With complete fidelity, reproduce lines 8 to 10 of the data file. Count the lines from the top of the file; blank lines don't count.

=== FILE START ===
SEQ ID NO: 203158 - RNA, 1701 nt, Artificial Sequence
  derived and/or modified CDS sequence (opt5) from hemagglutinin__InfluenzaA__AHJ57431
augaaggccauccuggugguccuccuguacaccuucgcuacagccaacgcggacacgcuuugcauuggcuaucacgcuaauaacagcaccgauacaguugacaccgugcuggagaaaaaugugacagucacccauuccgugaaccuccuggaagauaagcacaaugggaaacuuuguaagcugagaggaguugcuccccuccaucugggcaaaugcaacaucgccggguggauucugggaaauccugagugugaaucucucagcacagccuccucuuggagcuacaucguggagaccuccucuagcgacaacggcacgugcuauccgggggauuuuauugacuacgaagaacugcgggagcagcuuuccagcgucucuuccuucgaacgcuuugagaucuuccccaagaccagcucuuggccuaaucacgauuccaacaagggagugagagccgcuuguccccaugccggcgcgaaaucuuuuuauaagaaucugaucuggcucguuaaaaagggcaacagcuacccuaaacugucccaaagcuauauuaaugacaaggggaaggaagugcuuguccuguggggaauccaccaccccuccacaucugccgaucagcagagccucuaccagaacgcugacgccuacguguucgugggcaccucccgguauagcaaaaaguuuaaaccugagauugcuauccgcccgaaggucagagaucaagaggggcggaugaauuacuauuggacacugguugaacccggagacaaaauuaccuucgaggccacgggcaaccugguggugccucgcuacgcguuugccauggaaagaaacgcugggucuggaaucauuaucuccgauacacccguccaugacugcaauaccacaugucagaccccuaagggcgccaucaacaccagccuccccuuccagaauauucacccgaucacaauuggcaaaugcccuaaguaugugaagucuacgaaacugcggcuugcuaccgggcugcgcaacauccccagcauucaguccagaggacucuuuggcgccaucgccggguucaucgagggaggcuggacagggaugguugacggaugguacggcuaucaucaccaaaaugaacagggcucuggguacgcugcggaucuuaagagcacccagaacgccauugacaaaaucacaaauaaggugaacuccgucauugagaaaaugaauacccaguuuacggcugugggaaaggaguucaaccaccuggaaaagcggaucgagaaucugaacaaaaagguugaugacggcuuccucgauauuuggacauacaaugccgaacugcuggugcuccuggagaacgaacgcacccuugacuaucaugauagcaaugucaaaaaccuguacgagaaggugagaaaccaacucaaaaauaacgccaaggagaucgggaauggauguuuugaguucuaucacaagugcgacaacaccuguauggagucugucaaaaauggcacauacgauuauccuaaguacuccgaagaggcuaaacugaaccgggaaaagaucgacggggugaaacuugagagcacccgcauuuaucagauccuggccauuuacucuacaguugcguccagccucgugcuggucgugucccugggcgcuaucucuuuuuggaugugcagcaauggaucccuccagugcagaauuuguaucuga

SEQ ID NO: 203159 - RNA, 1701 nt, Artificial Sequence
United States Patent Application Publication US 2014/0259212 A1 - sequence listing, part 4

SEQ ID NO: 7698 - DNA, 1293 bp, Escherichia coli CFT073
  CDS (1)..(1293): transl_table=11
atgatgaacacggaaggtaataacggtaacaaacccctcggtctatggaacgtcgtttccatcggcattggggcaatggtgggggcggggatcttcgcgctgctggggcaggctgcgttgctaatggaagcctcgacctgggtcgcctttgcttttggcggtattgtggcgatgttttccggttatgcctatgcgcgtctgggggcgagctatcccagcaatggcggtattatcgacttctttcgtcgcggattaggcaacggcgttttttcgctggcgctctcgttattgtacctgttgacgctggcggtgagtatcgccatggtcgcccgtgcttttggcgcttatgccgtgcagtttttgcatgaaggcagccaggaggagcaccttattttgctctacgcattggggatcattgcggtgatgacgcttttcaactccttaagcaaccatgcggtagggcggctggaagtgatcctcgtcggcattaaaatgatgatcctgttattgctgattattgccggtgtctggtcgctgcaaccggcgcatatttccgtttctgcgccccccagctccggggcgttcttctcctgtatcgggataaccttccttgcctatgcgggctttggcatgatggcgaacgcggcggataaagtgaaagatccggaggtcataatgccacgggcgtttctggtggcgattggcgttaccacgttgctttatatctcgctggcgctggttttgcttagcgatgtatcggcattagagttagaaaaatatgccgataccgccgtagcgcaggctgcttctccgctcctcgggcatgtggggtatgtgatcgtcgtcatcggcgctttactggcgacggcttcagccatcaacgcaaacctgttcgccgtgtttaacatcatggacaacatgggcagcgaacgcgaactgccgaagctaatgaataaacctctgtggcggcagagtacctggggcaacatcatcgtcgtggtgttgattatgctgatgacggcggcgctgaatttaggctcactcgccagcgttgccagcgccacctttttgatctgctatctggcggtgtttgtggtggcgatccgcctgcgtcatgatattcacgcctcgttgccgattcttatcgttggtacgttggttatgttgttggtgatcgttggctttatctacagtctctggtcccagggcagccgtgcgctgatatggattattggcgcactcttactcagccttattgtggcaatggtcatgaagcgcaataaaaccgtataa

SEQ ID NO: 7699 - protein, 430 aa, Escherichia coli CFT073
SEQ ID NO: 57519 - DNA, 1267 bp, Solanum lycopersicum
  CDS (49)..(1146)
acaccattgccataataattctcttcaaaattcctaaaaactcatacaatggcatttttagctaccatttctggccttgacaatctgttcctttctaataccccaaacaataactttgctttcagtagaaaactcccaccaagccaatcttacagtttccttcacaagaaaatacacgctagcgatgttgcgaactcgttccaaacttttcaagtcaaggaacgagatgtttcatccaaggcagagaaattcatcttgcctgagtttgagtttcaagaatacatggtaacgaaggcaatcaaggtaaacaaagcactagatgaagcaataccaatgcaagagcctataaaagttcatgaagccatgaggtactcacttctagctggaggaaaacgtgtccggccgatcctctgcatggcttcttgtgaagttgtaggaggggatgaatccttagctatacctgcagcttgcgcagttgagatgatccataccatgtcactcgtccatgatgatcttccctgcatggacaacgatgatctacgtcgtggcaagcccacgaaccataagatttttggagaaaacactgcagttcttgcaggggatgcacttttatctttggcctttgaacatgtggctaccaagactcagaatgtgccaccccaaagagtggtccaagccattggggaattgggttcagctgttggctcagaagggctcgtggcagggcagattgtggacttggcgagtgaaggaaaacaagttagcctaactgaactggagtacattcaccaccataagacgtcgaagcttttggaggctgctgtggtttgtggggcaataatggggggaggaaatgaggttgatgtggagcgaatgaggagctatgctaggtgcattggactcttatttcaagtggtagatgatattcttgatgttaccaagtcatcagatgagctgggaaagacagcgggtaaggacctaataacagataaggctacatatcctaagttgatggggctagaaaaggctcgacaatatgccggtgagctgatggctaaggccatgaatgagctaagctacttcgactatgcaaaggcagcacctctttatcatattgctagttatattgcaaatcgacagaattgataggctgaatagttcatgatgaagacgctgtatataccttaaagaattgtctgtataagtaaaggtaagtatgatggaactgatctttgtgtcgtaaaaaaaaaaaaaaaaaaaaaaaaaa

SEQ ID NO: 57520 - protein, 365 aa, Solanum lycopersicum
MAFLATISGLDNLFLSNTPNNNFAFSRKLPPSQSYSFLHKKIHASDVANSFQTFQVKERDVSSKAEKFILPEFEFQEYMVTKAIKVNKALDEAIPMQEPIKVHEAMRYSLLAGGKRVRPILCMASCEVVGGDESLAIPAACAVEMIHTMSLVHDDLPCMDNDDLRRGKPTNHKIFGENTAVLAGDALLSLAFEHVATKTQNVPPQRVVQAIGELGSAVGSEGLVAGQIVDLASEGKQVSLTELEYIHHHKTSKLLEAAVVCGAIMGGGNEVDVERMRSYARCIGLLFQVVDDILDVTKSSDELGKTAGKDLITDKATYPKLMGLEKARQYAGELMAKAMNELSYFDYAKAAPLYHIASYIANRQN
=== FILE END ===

atgatgaacacggaaggtaataacggtaacaaacccctcggtctatggaacgtcgtttccatcggcattggggcaatggtgggggcggggatcttcgcgctgctggggcaggctgcgttgctaatggaagcctcgacctgggtcgcctttgcttttggcggtattgtggcgatgttttccggttatgcctatgcgcgtctgggggcgagctatcccagcaatggcggtattatcgacttctttcgtcgcggattaggcaacggcgttttttcgctggcgctctcgttattgtacctgttgacgctggcggtgagtatcgccatggtcgcccgtgcttttggcgcttatgccgtgcagtttttgcatgaaggcagccaggaggagcaccttattttgctctacgcattggggatcattgcggtgatgacgcttttcaactccttaagcaaccatgcggtagggcggctggaagtgatcctcgtcggcattaaaatgatgatcctgttattgctgattattgccggtgtctggtcgctgcaaccggcgcatatttccgtttctgcgccccccagctccggggcgttcttctcctgtatcgggataaccttccttgcctatgcgggctttggcatgatggcgaacgcggcggataaagtgaaagatccggaggtcataatgccacgggcgtttctggtggcgattggcgttaccacgttgctttatatctcgctggcgctggttttgcttagcgatgtatcggcattagagttagaaaaatatgccgataccgccgtagcgcaggctgcttctccgctcctcgggcatgtggggtatgtgatcgtcgtcatcggcgctttactggcgacggcttcagccatcaacgcaaacctgttcgccgtgtttaacatcatggacaacatgggcagcgaacgcgaactgccgaagctaatgaataaacctctgtggcggcagagtacctggggcaacatcatcgtcgtggtgttgattatgctgatgacggcggcgctgaatttaggctcactcgccagcgttgccagcgccacctttttgatctgctatctggcggtgtttgtggtggcgatccgcctgcgtcatgatattcacgcctcgttgccgattcttatcgttggtacgttggttatgttgttggtgatcgttggctttatctacagtctctggtcccagggcagccgtgcgctgatatggattattggcgcactcttactcagccttattgtggcaatggtcatgaagcgcaataaaaccgtataa

SEQ ID NO: 7699 - protein, 430 aa, Escherichia coli CFT073
SEQ ID NO: 57519 - DNA, 1267 bp, Solanum lycopersicum